Our adventure started with an easy walk up the gradually ascending road to the Mangart Saddle. Rewarded by sublime views, I could suddenly understand perfectly well why people drove such a long distance only to see that landscape. It truly was spectacular. The sheep flocked around us, curious to see if we brought treats, the small but cozy hut waved a warm invitation for a tasty lunch after the climb, and the peak of Mangart looked tranquil and welcoming. Not a cloud was in sight and the surrounding peaks were already basking in the golden morning sun.

The first gravel road to the Mangart Saddle was built in 1938 by 500 Italians who finished it in only 8 months. Total length of the road is 12 km, it has 17 switchbacks and goes through five tunnels
Nosy sheep with the peak of Mangart in the background

We reached the western face of Mangart, put on the via Ferrata climbing gear and started the climb. The route is essentially a series of sections of secured climbing over an incredibly steep wall, occasionally broken with unsecured sections over crumbly but less steep slopes. If you are skilled and keep your wits about you, it’s truly not that hard. But, anyone with insufficient climbing experience, and nervous of exposure may find this climb unnerving as one slip could lead to a massive fall.

Join our Guided Tour to Mangart
Explore Slovenia’s other climbing tours: Mala Mojstrovka and Prisojnik

Note to the wise: we climbed Mangart in completely snow-free conditions. If you want to climb Mangart or any other peak in the Slovenian mountains in snow conditions (that can last well into July!), and don’t have sufficient climbing experience and skills, do get a mountain guide!

The Slovenian Route did pose a few technical details which demanded more attention and skill to climb safely, but, overall, it offered the safety cable to be clipped on wherever we needed it. The Italian Route on the way down was technically speaking easier, yet it still required our full attention and the use of our hands to be able to climb down safely.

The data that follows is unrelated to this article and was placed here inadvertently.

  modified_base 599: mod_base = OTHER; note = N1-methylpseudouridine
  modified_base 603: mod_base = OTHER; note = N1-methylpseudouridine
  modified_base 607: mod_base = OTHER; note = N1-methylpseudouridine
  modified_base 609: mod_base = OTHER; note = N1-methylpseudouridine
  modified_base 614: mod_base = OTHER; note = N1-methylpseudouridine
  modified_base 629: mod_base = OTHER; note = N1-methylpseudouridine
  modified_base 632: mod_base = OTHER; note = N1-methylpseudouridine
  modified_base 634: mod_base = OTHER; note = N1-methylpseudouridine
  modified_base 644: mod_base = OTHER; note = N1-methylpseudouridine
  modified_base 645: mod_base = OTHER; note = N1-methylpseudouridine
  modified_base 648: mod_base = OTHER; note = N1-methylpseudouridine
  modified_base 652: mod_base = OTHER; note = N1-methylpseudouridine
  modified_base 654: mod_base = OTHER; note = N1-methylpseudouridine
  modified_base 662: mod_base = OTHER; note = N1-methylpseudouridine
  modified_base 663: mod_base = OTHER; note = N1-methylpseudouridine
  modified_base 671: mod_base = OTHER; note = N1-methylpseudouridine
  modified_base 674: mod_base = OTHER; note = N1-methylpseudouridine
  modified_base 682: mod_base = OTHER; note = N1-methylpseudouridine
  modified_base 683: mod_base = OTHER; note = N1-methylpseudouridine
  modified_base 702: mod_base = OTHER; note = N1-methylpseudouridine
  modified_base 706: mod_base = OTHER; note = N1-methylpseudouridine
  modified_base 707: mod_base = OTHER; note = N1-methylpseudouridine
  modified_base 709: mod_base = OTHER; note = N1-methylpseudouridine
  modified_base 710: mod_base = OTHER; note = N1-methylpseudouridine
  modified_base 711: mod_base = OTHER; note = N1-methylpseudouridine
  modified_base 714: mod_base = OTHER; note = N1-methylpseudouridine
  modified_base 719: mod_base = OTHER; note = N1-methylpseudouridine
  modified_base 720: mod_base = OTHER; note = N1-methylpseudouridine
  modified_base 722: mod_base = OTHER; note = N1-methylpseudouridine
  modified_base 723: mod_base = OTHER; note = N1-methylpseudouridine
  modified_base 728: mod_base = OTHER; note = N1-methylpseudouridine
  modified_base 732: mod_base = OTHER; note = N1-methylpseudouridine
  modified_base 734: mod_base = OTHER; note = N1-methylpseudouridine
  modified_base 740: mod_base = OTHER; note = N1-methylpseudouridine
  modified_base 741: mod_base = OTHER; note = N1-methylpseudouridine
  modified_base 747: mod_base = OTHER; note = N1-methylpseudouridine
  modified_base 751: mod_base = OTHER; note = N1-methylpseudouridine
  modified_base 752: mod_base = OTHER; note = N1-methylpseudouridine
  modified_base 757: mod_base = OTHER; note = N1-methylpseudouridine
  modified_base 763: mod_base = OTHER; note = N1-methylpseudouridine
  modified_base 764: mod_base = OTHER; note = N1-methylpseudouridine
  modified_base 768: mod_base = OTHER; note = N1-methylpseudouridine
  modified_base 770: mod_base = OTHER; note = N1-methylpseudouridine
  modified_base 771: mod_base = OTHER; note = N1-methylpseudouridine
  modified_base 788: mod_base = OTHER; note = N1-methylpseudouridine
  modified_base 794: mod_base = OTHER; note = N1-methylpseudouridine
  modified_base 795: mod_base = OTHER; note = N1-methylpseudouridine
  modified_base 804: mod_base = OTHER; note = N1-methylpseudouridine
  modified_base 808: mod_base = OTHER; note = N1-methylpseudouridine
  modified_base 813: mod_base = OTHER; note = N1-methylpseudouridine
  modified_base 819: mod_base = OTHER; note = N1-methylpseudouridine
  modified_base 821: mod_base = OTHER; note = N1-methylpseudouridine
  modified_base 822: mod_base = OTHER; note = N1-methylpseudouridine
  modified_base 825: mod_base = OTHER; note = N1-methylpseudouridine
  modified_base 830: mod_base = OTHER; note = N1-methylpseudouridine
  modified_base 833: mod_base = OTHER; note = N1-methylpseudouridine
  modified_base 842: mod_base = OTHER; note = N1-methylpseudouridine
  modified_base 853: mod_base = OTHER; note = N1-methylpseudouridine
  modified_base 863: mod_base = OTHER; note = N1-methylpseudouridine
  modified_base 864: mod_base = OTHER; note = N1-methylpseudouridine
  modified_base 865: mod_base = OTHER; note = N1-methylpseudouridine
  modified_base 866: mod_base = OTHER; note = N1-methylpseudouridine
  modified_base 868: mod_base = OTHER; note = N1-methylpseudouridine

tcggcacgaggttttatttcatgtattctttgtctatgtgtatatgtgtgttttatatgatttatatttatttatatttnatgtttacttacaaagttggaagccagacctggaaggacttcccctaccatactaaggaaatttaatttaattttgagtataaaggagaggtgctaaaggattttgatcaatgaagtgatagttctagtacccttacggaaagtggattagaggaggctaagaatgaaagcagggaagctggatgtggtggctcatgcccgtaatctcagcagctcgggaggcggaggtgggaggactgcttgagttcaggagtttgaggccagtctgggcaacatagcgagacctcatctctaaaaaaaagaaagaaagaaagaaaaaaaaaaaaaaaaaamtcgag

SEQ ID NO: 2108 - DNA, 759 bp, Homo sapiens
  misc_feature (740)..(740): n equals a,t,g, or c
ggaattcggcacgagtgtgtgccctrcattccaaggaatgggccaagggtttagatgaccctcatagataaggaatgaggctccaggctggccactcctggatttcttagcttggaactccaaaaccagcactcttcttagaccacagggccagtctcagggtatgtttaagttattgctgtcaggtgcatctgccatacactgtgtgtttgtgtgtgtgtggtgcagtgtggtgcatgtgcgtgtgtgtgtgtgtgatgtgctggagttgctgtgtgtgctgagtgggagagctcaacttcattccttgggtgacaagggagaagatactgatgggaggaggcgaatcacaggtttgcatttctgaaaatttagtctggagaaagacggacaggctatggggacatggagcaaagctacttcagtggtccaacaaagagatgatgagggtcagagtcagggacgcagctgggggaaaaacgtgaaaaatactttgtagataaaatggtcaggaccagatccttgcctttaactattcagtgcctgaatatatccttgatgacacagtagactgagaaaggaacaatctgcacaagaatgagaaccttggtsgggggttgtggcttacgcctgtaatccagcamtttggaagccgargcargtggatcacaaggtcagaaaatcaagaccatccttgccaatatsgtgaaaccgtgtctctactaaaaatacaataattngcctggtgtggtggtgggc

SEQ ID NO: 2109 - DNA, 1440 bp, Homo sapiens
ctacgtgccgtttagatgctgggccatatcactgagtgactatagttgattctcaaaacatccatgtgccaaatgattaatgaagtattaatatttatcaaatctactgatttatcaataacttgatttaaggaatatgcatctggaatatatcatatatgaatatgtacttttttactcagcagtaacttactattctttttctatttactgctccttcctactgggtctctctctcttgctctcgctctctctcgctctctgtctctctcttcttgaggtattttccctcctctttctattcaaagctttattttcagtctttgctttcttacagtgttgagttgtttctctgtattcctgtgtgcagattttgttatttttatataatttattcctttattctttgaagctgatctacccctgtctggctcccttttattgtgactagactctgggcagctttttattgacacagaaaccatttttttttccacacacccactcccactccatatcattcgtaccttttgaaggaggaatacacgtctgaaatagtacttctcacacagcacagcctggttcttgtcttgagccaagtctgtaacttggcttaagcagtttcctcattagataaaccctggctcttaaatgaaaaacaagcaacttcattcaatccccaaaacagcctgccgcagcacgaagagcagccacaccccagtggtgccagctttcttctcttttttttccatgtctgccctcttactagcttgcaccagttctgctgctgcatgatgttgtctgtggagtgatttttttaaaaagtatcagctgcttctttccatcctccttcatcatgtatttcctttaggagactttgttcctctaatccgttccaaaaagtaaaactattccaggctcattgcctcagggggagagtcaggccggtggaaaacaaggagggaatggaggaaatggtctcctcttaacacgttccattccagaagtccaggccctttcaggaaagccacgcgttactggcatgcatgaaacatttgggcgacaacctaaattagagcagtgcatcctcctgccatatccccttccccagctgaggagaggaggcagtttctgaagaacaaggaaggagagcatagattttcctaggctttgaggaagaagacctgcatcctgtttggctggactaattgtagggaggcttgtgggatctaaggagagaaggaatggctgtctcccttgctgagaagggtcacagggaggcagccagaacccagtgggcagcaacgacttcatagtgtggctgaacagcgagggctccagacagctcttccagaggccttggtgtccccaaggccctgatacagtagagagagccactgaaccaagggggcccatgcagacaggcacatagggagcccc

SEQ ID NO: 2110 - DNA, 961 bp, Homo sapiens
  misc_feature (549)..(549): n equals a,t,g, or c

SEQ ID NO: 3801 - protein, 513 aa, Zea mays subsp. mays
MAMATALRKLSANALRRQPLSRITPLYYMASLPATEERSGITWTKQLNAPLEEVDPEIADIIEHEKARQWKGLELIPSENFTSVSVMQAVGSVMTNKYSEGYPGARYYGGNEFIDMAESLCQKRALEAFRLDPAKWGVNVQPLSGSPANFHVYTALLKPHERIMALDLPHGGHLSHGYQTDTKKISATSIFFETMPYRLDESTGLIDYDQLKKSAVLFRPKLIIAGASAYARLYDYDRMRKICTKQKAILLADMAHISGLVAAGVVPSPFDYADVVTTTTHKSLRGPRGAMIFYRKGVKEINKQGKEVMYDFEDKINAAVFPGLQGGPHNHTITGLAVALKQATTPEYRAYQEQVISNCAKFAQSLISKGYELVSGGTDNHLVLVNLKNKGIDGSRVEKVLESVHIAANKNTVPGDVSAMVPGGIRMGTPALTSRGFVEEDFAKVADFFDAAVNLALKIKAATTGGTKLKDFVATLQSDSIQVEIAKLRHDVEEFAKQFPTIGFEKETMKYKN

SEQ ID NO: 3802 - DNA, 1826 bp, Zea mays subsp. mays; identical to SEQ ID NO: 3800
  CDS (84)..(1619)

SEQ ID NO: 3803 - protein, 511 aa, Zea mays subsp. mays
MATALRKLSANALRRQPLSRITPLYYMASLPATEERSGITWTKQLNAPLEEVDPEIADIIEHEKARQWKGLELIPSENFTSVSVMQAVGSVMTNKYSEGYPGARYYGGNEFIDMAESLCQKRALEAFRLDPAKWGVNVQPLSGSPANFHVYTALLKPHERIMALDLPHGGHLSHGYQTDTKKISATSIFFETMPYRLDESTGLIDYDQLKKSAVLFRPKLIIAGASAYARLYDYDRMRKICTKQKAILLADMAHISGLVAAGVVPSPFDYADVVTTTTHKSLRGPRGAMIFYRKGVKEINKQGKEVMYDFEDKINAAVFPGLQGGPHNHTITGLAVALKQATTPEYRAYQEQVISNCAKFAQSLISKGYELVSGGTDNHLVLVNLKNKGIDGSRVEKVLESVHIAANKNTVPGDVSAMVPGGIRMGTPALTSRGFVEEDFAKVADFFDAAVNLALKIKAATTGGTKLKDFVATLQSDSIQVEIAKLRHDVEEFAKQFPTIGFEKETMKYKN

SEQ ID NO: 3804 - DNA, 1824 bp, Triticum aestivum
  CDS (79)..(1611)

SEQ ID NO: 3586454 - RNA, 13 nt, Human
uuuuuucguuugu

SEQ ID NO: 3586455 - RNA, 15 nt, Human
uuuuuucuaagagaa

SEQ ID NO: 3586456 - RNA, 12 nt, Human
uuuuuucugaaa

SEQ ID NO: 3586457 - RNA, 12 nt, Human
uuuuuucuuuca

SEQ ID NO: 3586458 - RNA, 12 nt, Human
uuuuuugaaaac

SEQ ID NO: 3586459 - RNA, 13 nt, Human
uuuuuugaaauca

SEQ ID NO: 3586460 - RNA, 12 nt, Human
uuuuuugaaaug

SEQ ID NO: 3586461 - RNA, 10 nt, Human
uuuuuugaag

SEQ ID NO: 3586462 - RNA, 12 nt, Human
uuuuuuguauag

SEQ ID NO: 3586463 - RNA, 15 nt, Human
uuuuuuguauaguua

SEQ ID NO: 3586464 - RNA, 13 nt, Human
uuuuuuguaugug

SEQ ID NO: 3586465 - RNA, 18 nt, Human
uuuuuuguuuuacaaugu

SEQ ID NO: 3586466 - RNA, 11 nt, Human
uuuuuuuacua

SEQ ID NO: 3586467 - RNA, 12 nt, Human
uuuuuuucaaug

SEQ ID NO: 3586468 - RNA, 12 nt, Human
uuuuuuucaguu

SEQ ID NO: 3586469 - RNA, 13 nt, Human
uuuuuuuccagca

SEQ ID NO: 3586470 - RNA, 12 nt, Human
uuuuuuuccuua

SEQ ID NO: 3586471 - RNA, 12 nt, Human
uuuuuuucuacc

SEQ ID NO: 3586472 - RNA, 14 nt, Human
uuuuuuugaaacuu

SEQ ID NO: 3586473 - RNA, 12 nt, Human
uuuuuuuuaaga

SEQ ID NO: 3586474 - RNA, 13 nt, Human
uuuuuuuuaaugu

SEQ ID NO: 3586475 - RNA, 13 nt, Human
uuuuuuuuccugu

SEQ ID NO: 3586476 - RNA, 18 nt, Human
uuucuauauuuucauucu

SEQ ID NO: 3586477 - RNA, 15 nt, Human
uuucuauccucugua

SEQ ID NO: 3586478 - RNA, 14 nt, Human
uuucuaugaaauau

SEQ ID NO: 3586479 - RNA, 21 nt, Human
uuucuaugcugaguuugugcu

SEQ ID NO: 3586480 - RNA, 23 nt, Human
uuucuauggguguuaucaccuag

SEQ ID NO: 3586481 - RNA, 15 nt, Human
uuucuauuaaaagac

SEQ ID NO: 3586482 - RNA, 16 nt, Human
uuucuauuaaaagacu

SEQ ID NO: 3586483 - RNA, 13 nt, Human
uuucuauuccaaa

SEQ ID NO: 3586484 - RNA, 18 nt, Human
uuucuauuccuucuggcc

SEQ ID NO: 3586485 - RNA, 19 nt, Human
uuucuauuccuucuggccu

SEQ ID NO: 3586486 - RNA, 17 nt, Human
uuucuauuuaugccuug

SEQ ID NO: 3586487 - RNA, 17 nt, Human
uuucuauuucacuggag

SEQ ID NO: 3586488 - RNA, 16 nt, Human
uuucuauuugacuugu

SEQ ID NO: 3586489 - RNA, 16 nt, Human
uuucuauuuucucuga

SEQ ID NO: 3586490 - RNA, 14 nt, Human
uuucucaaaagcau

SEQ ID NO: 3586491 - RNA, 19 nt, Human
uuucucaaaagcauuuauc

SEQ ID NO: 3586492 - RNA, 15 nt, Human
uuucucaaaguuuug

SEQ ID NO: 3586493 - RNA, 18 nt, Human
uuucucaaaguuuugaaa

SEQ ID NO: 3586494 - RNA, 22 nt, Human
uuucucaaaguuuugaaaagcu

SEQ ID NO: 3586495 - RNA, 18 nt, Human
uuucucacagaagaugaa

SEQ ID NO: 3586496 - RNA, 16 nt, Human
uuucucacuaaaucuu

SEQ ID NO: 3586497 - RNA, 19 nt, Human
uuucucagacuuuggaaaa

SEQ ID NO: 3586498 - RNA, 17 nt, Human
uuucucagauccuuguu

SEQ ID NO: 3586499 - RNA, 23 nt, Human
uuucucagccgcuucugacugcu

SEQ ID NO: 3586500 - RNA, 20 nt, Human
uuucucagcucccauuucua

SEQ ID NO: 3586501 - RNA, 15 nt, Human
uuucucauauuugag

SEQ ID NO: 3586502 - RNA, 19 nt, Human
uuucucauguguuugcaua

Stats of the tour: 860m of ascent and descent, 7.7km distance 
Of which climbing up: 460m of ascent and 870m distance.

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The climbing part to the imposing 2,679-meter peak took us two hours, regardless of the mere 870-m distance and 460m of ascent. It must’ve been the countless ‘wows’ and photo stops on the way. We gasped at the views of the steep mountains soaring above the meadows of the Mangart Saddle, and awe-inspiring mountains rising above the green valleys like Loška, Mangartska and Soča Valleys. We gasped at the Belopeška Lakes (Italian: Laghi di Fusini) glistening on the gorgeous autumn day down below in the valley. We gasped at Mt. Jalovec, which seemed like a stone’s throw away, Triglav, boasting its greatness from its modest position in the background, and many peaks in between.  

Mt. Jalovec on the right and Triglav in the background
Descending down on the Italian Route with the Belopeška jezera lakes in the background

Exploring Slovenia’s best winter treks:
Guided Day Hike to Mrežce
Snowshoeing in the Julian Alps
Alpine Pastures of Velika Planina

Mangart wasn’t my longest not even my biggest climb, however, I felt a great sense of accomplishment. Indeed, it is the third highest mountain of Slovenia and as such notorious from the old family mountain stories and occasional accident reports in the news. Contented and pleasantly tired, we drove off, happily chatting about our return next summer. It might be nice to see it green, lush and carpeted with flowers.

Do you want to visit the Mangart Saddle and Mt. Mangart? Are they on your bucket list? Share!